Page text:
Enzyme Hydrolysates

A 0.25-5 mL volume (5-100 mg equivalent) of each enzyme hydrolysate was extracted with Chloroform (0.3125-6.25 mL):Methanol (0.625-12.5 mL) and mixed using a vortex until the solution appeared homogeneous (one continuous phase). Chloroform (0.3125-6.25 mL) was then added and the sample mixed again before addition of deionized water (0.3125-6.25 mL). The samples were then centrifuged at 2000 rpm to separate the phases; lipids were present in the lower phase, which was stored after evaporation of the solvent at 60° C. Total chloroform-methanol extractable lipid was determined gravimetrically as a % of the total present in the biomass.

Lipid Derivatisation and Analysis

Lipids produced from both control and enzyme treated microalgae were dissolved in toluene (1 mL) and the mixture was left overnight in a stoppered tube at 50° C. Water (5 mL) containing sodium chloride (5%) was added and the required esters were extracted with hexane (2×5 mL), using Pasteur pipettes to separate the layers. The hexane layer was washed with water (4 mL) containing potassium bicarbonate (2% w/v) and dried over anhydrous sodium sulfate. The solution was filtered to remove the drying agent, and the solvent was removed in a stream of nitrogen. Dried derivitised FAME's were dissolved in 1 mL chloroform and analysed by Gas Chromatography-Mass Spectrophotometry. Compounds present in the lipid sample were separated on the capillary GC column and peak fractions analysed and putatively identified from their molecular weight and disintegration pattern with reference to a MS chemical database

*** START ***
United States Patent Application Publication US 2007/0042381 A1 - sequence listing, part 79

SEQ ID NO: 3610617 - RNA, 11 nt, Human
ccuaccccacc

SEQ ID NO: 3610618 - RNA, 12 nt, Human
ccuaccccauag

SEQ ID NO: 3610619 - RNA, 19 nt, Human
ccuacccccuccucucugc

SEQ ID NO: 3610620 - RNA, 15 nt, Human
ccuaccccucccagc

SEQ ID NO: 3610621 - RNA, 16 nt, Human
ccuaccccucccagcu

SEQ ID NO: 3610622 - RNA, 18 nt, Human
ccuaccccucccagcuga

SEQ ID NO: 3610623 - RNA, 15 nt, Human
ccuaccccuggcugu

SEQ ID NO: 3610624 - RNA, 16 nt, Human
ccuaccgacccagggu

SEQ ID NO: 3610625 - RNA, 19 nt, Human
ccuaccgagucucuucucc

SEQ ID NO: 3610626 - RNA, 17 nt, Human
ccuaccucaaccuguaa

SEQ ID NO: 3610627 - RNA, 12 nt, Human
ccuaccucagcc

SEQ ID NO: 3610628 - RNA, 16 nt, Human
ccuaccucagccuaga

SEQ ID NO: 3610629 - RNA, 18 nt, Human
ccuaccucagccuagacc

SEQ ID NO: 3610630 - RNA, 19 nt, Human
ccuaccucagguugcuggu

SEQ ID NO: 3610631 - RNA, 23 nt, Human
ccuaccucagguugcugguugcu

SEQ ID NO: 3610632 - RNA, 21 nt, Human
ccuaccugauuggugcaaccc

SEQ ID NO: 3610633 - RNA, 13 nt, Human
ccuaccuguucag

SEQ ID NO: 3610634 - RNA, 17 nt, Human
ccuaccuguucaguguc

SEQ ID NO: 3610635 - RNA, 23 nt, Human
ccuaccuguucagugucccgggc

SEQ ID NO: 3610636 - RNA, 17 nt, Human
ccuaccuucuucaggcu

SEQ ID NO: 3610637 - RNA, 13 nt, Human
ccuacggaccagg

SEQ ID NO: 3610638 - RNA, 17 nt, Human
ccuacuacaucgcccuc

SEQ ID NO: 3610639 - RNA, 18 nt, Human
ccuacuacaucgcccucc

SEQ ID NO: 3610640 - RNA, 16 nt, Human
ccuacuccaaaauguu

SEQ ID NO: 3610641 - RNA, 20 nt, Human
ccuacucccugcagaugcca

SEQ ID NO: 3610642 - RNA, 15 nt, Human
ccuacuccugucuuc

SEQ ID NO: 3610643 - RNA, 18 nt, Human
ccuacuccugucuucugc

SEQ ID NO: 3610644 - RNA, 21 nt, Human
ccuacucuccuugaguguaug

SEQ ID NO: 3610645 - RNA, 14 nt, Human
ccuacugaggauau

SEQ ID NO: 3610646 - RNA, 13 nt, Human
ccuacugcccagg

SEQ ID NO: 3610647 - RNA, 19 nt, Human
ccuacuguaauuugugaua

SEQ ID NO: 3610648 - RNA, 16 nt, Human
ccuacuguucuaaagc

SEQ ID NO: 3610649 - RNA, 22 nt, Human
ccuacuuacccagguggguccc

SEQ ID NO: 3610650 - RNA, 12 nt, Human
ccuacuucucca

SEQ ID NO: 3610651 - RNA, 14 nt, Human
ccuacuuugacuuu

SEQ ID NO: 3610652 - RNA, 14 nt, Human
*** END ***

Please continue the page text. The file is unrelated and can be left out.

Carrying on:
Method 3 Results

Methyl esters of Hexa-, and Octo-decanoic acid were identified. Comparison of the Fatty acid methyl esters (FAMEs) identifiable in the directly extracted and enzyme-treated Isochrysis galbana microalgae show that the * enzyme-treated alga presents a very similar GC profile to the chemically extracted alga while alga treated with ^ and 3 cocktail do not appear to yield detectable FAMEs.

The words “comprises/comprising” and the words “having/including” when used herein with reference to the present invention are used to specify the presence of stated features, integers, steps or components but does not preclude the presence or addition of one or more other features, integers, steps, components or groups thereof.

It is appreciated that certain features of the invention, which are, for clarity, described in the context of separate embodiments, may also be provided in combination in a single embodiment. Conversely, various features of the invention which are, for brevity, described in the context of a single embodiment, may also be provided separately or in any suitable sub-combination.